When deciding to take an SAT Subject Test, one must consider various factors. Each college that will be applied to will have different acceptable ranges of scores. Depending on the intended major of the incoming student, one subject test may be more valuable than the others. Even if the scores are not required, submitting the scores might be useful for communicating your interest in a subject or for gaining college credits toward your major. The SAT World History Subject Test covers a lot of ground as it overlays the entire globe across many centuries.

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Using multiple types of media will help you retain more information. (Photo by Eliabe Costa on Unsplash)
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Autumn
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Kristen hope
5
5 (10 reviews)
Kristen hope
History
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/h
1st lesson free!
Niklas
Niklas
History
$10
/h
1st lesson free!
Giles
Giles
History
$10
/h
1st lesson free!
Javiah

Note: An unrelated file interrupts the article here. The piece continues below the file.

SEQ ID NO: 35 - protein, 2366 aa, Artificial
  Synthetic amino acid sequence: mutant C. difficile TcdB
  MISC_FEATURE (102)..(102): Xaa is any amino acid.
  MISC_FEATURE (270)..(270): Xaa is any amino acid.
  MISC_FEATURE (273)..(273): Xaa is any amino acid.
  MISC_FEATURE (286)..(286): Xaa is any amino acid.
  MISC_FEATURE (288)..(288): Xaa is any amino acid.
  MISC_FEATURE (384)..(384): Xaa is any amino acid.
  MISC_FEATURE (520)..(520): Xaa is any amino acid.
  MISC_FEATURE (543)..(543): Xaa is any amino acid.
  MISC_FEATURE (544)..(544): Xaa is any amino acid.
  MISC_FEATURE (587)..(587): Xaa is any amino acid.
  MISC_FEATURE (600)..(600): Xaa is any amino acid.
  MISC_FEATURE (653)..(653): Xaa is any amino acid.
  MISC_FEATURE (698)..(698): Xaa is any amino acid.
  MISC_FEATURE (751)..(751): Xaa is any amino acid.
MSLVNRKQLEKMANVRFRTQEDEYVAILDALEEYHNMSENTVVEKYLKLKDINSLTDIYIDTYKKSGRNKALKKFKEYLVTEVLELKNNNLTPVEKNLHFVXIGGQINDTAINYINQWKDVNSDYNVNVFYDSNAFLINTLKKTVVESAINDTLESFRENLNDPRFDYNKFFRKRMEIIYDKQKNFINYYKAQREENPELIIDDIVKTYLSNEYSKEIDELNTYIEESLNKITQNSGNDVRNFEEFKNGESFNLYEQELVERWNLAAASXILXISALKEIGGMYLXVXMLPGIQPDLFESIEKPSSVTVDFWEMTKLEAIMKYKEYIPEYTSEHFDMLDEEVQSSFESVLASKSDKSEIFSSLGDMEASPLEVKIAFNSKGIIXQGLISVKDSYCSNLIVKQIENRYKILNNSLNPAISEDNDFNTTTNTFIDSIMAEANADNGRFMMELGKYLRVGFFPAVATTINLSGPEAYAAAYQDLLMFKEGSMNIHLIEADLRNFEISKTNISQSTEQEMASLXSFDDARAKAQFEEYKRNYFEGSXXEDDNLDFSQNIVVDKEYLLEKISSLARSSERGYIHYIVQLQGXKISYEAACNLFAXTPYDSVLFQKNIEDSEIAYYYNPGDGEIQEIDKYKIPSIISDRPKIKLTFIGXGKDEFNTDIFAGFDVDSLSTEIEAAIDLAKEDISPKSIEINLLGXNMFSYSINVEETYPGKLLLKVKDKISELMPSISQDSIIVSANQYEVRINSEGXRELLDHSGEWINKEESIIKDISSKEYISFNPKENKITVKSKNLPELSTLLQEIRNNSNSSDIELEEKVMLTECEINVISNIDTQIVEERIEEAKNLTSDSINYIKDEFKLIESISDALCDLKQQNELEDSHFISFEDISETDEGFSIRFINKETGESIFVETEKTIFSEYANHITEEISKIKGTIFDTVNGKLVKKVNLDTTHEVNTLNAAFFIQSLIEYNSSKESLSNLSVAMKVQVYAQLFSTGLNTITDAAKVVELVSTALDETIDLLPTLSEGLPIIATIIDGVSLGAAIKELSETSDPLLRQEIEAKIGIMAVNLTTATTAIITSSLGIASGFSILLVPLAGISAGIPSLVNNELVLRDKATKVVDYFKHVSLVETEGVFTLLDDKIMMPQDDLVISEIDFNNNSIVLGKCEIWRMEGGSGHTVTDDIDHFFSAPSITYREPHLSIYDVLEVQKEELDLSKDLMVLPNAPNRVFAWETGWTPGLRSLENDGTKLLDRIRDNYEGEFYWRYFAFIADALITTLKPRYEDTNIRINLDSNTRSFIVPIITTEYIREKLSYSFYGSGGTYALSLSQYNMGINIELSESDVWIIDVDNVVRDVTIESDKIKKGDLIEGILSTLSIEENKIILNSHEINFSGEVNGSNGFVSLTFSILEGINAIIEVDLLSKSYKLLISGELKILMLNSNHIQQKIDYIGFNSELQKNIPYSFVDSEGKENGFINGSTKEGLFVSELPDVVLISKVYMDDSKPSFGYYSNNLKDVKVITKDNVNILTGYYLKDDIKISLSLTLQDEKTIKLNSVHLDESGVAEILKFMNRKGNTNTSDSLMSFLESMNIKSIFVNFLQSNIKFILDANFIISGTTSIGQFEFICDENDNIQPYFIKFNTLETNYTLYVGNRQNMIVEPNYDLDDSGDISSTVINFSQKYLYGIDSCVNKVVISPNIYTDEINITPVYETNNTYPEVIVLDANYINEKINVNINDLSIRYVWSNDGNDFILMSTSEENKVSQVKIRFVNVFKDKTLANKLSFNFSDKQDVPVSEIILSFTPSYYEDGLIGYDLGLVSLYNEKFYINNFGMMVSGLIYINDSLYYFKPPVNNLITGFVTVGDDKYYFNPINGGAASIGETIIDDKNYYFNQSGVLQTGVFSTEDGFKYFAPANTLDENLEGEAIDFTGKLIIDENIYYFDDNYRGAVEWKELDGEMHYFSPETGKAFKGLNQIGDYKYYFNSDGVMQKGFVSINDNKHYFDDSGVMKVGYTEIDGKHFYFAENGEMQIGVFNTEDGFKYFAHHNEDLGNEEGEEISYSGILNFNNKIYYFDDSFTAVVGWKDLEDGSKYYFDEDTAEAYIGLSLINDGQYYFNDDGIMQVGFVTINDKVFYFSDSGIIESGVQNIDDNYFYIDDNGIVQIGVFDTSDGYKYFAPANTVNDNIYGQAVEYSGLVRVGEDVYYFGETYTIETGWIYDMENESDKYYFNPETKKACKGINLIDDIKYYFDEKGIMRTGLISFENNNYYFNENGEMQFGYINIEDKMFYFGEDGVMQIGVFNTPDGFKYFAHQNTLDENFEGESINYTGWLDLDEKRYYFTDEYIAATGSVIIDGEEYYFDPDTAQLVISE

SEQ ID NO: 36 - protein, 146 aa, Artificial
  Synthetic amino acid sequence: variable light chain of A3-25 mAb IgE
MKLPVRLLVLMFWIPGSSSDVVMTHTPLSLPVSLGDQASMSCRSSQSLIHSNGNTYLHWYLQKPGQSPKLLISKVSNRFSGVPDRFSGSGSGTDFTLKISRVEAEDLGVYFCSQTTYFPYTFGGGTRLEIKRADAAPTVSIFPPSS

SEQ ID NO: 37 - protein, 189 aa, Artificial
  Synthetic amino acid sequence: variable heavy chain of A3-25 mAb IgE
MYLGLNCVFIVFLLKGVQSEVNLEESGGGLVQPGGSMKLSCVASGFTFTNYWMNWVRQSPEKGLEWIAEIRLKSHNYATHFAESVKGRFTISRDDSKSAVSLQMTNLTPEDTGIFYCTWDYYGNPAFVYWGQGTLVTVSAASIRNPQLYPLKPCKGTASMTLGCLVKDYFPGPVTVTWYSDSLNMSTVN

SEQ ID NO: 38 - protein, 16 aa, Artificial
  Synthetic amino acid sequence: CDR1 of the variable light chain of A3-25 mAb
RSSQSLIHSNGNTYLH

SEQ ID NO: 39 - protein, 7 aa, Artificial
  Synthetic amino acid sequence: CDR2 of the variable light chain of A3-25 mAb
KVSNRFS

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5 (2 reviews)
Javiah
History
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/h
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Devin
Devin
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Why Should I Take the World History Subject Test?

The academic world is growing more and more competitive every year. It requires better grades, more extracurriculars, and stronger references just to be considered for admittance. For this same reason, standardized test scores communicate more than they ever have before. With the addition of subject tests, which focus on a specific field of study instead of general knowledge and abilities, an opportunity arose for incoming students to demonstrate their range of understanding.

Seeing this test as a tool instead of an impediment will improve the value it bestows. Whether you want to be a historian, a history major, or just a history buff, the World History Subject Test is the way to go. It highlights your interest in this field of study and is a written representation of your capabilities to admissions staff. Standing out in the crowd of applications would be a challenge for anyone but having the exam scores from a World History Subject test will mean you have the necessary background to excel in the field.